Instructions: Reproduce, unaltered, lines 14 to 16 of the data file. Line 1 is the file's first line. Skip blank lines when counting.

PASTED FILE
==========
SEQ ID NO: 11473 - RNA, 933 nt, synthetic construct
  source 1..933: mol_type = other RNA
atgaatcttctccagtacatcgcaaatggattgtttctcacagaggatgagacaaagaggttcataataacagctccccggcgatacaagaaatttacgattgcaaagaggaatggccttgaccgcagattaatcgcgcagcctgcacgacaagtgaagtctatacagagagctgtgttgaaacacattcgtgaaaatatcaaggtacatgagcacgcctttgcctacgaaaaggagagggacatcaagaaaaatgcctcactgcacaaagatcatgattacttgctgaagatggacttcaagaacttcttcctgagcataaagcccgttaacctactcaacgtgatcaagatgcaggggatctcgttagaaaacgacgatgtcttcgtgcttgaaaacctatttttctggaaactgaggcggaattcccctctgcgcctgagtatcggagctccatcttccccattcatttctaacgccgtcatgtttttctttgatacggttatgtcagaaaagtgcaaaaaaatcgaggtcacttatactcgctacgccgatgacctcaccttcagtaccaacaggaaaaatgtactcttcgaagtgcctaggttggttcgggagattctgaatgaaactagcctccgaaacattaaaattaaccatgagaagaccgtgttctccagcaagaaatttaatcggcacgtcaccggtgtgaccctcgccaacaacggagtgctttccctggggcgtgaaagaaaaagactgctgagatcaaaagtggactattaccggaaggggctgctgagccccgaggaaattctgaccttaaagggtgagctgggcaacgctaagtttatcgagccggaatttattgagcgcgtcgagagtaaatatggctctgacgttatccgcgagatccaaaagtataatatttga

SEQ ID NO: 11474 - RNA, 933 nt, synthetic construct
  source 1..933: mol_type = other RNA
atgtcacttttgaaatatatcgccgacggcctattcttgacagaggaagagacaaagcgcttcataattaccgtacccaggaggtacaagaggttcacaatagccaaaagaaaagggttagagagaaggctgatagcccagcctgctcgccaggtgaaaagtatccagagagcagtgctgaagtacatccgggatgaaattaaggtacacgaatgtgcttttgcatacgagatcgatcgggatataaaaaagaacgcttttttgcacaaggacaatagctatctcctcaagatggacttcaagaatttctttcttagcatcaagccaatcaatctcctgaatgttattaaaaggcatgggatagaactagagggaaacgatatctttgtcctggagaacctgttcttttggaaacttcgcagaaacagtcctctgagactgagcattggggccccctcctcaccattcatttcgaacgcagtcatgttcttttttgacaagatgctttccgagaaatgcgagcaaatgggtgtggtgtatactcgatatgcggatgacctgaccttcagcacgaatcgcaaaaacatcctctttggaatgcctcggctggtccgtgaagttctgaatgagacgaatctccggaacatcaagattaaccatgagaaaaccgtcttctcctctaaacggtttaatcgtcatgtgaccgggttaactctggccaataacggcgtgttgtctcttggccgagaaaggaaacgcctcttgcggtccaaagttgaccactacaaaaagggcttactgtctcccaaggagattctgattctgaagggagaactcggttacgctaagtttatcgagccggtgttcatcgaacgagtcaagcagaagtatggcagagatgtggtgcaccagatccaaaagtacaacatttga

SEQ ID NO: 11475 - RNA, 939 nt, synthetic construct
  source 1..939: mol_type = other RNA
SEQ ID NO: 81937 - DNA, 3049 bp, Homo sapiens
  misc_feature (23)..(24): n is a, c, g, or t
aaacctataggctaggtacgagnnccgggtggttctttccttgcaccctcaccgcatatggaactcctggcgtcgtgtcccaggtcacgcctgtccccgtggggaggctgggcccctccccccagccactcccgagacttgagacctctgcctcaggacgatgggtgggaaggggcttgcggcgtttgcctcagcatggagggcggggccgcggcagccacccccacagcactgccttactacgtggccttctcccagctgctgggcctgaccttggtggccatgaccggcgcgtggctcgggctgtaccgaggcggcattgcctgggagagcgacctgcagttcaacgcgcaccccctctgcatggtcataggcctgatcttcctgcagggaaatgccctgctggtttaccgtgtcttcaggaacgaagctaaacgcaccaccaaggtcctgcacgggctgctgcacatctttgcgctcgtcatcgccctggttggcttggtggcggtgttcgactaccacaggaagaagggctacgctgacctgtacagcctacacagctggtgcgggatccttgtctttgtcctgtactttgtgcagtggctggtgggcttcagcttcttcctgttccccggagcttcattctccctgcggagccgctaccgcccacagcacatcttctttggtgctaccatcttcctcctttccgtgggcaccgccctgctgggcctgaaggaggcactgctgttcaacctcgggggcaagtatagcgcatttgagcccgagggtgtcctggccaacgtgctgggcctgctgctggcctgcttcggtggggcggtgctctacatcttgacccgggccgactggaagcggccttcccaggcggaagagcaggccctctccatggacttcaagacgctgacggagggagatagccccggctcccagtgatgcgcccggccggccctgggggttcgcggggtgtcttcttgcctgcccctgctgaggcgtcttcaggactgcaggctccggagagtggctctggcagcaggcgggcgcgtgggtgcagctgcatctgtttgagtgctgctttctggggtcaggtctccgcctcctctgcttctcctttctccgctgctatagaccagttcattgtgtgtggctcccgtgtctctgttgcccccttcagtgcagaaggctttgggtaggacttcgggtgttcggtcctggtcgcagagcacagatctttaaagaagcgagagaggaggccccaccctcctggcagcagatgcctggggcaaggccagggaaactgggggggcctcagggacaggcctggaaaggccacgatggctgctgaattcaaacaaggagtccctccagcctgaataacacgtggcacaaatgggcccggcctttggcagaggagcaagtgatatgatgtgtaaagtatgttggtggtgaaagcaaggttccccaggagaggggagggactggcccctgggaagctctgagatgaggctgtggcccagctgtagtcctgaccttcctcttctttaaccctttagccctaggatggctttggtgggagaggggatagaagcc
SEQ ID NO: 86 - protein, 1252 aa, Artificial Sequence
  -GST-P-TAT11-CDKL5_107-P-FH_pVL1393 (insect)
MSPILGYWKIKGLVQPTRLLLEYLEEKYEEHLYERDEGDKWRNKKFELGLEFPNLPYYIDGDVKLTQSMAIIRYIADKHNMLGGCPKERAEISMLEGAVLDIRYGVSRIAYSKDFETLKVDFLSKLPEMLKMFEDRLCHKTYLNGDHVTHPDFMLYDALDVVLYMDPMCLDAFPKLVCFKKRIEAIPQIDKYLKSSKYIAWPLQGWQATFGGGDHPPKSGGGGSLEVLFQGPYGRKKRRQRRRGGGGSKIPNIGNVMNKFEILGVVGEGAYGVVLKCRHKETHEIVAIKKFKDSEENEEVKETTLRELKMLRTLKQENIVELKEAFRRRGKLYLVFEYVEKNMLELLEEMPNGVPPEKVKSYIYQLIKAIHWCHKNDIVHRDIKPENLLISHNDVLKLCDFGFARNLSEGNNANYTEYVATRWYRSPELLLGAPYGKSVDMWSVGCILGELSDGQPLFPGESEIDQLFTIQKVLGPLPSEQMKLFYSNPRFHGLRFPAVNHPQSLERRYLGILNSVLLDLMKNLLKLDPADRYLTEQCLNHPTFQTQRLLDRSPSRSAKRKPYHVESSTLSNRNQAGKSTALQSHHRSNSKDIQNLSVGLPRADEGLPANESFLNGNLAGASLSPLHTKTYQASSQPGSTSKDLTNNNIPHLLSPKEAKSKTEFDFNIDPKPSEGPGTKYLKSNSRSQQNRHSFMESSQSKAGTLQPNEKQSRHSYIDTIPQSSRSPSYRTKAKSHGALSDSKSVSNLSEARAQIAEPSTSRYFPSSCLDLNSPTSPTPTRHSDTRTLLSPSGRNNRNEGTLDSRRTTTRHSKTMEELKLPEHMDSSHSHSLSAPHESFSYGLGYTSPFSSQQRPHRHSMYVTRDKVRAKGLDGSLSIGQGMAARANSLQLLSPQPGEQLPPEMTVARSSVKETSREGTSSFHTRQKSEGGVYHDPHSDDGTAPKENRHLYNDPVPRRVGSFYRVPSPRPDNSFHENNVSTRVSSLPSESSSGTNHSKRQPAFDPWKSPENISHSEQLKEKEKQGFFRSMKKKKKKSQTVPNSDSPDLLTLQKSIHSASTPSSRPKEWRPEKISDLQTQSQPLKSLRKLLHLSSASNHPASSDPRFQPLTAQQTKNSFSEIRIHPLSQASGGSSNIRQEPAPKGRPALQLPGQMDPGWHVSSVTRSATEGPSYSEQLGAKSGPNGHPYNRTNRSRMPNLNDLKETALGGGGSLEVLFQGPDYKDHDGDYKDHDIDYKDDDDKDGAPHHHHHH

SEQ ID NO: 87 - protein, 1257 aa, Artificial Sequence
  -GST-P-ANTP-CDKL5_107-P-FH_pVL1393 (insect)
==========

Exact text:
MSPILGYWKIKGLVQPTRLLLEYLEEKYEEHLYERDEGDKWRNKKFELGLEFPNLPYYIDGDVKLTQSMAIIRYIADKHNMLGGCPKERAEISMLEGAVLDIRYGVSRIAYSKDFETLKVDFLSKLPEMLKMFEDRLCHKTYLNGDHVTHPDFMLYDALDVVLYMDPMCLDAFPKLVCFKKRIEAIPQIDKYLKSSKYIAWPLQGWQATFGGGDHPPKSGGGGSLEVLFQGPYGRKKRRQRRRGGGGSKIPNIGNVMNKFEILGVVGEGAYGVVLKCRHKETHEIVAIKKFKDSEENEEVKETTLRELKMLRTLKQENIVELKEAFRRRGKLYLVFEYVEKNMLELLEEMPNGVPPEKVKSYIYQLIKAIHWCHKNDIVHRDIKPENLLISHNDVLKLCDFGFARNLSEGNNANYTEYVATRWYRSPELLLGAPYGKSVDMWSVGCILGELSDGQPLFPGESEIDQLFTIQKVLGPLPSEQMKLFYSNPRFHGLRFPAVNHPQSLERRYLGILNSVLLDLMKNLLKLDPADRYLTEQCLNHPTFQTQRLLDRSPSRSAKRKPYHVESSTLSNRNQAGKSTALQSHHRSNSKDIQNLSVGLPRADEGLPANESFLNGNLAGASLSPLHTKTYQASSQPGSTSKDLTNNNIPHLLSPKEAKSKTEFDFNIDPKPSEGPGTKYLKSNSRSQQNRHSFMESSQSKAGTLQPNEKQSRHSYIDTIPQSSRSPSYRTKAKSHGALSDSKSVSNLSEARAQIAEPSTSRYFPSSCLDLNSPTSPTPTRHSDTRTLLSPSGRNNRNEGTLDSRRTTTRHSKTMEELKLPEHMDSSHSHSLSAPHESFSYGLGYTSPFSSQQRPHRHSMYVTRDKVRAKGLDGSLSIGQGMAARANSLQLLSPQPGEQLPPEMTVARSSVKETSREGTSSFHTRQKSEGGVYHDPHSDDGTAPKENRHLYNDPVPRRVGSFYRVPSPRPDNSFHENNVSTRVSSLPSESSSGTNHSKRQPAFDPWKSPENISHSEQLKEKEKQGFFRSMKKKKKKSQTVPNSDSPDLLTLQKSIHSASTPSSRPKEWRPEKISDLQTQSQPLKSLRKLLHLSSASNHPASSDPRFQPLTAQQTKNSFSEIRIHPLSQASGGSSNIRQEPAPKGRPALQLPGQMDPGWHVSSVTRSATEGPSYSEQLGAKSGPNGHPYNRTNRSRMPNLNDLKETALGGGGSLEVLFQGPDYKDHDGDYKDHDIDYKDDDDKDGAPHHHHHH

SEQ ID NO: 87 - protein, 1257 aa, Artificial Sequence
  -GST-P-ANTP-CDKL5_107-P-FH_pVL1393 (insect)